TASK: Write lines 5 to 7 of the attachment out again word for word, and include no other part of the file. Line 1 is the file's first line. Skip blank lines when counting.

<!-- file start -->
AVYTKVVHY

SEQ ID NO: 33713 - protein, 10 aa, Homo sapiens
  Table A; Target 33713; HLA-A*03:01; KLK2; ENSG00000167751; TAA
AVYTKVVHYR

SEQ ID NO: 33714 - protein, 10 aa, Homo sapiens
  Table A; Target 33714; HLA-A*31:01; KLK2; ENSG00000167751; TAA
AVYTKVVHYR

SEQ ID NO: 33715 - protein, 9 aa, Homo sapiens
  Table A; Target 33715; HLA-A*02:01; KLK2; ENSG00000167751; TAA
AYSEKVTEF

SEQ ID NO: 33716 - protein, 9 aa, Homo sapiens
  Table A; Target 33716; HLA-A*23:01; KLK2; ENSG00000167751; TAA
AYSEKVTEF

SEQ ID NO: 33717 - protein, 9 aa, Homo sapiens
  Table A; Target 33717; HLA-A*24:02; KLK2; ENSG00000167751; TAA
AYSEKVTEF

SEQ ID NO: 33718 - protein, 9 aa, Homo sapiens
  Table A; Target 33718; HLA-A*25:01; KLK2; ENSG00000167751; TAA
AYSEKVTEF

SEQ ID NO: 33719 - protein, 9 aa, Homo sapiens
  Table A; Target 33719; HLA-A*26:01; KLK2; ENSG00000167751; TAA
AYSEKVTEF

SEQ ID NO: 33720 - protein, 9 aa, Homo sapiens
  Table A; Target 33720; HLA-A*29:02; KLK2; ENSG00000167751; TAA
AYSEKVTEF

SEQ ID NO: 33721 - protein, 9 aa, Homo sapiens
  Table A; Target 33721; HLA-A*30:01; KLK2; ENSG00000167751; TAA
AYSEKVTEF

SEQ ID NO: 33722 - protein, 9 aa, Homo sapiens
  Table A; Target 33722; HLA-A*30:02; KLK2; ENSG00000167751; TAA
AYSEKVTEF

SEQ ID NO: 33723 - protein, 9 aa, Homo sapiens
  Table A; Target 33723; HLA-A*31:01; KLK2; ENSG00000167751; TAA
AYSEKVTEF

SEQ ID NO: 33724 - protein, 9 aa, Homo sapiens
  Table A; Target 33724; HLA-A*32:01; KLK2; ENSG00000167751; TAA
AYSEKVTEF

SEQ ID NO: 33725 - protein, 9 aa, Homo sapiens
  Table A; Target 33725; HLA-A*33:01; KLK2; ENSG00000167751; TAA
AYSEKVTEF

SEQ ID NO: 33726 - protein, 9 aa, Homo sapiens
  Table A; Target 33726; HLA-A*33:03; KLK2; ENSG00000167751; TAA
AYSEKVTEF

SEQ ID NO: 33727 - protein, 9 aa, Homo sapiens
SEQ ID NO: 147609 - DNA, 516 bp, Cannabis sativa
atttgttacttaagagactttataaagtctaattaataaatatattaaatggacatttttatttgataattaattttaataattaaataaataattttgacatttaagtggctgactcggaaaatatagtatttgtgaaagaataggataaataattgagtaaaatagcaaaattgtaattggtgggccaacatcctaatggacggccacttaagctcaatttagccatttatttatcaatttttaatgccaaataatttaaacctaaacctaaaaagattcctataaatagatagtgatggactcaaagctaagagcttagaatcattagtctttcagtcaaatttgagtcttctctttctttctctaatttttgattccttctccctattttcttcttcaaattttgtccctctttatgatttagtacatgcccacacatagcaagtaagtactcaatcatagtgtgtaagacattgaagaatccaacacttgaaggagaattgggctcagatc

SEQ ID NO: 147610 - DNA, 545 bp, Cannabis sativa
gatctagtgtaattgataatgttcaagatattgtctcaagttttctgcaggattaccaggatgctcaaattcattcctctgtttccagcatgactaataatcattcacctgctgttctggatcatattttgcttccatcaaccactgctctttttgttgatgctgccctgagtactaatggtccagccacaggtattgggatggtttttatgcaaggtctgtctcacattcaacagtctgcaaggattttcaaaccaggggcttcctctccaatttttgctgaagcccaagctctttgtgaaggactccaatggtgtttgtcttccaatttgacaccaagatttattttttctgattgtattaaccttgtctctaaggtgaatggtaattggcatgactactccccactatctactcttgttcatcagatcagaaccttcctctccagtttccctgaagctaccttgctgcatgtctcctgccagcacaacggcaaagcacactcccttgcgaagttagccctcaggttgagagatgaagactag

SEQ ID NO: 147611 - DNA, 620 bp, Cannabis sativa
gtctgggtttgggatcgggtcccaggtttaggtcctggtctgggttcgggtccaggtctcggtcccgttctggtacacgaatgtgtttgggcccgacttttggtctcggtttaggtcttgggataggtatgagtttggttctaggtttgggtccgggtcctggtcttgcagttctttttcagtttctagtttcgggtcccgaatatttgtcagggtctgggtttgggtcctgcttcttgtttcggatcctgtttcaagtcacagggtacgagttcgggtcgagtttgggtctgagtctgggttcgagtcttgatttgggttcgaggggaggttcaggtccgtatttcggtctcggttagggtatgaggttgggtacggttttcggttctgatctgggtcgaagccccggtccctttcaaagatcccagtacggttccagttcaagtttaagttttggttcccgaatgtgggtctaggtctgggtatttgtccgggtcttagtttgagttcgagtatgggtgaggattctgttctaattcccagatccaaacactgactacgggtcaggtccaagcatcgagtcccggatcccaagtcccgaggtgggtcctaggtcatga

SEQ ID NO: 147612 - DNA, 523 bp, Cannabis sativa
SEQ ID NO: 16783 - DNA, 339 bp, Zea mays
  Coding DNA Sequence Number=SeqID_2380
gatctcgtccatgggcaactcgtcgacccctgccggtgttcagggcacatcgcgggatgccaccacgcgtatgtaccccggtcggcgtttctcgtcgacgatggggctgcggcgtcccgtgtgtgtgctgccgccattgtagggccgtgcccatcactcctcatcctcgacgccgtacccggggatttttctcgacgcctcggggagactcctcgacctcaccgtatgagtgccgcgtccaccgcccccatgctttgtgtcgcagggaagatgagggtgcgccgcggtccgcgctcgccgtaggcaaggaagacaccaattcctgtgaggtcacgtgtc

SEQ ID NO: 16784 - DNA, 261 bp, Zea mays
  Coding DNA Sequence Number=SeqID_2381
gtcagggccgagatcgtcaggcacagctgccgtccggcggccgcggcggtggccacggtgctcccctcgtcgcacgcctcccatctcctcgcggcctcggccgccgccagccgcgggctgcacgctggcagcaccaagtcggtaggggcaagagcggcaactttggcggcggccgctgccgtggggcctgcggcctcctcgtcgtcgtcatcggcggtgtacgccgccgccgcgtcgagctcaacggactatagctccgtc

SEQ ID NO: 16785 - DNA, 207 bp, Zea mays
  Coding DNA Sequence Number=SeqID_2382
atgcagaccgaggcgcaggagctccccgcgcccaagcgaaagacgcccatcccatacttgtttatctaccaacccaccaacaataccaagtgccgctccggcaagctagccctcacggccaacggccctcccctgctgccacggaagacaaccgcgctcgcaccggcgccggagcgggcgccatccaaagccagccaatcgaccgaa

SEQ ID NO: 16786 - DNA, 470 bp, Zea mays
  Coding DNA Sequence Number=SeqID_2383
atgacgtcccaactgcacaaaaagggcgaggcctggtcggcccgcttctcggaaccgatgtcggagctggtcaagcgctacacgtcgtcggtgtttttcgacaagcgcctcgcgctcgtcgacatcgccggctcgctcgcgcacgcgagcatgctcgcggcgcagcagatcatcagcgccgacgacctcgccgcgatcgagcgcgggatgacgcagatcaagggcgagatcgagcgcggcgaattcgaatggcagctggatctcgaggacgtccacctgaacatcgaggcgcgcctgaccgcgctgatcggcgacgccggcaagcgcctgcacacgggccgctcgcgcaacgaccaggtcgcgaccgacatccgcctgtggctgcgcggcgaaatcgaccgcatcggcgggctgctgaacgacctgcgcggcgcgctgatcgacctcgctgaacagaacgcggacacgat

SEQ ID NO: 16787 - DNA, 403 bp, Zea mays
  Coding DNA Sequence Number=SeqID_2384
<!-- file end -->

SEQ ID NO: 33714 - protein, 10 aa, Homo sapiens
  Table A; Target 33714; HLA-A*31:01; KLK2; ENSG00000167751; TAA
AVYTKVVHYR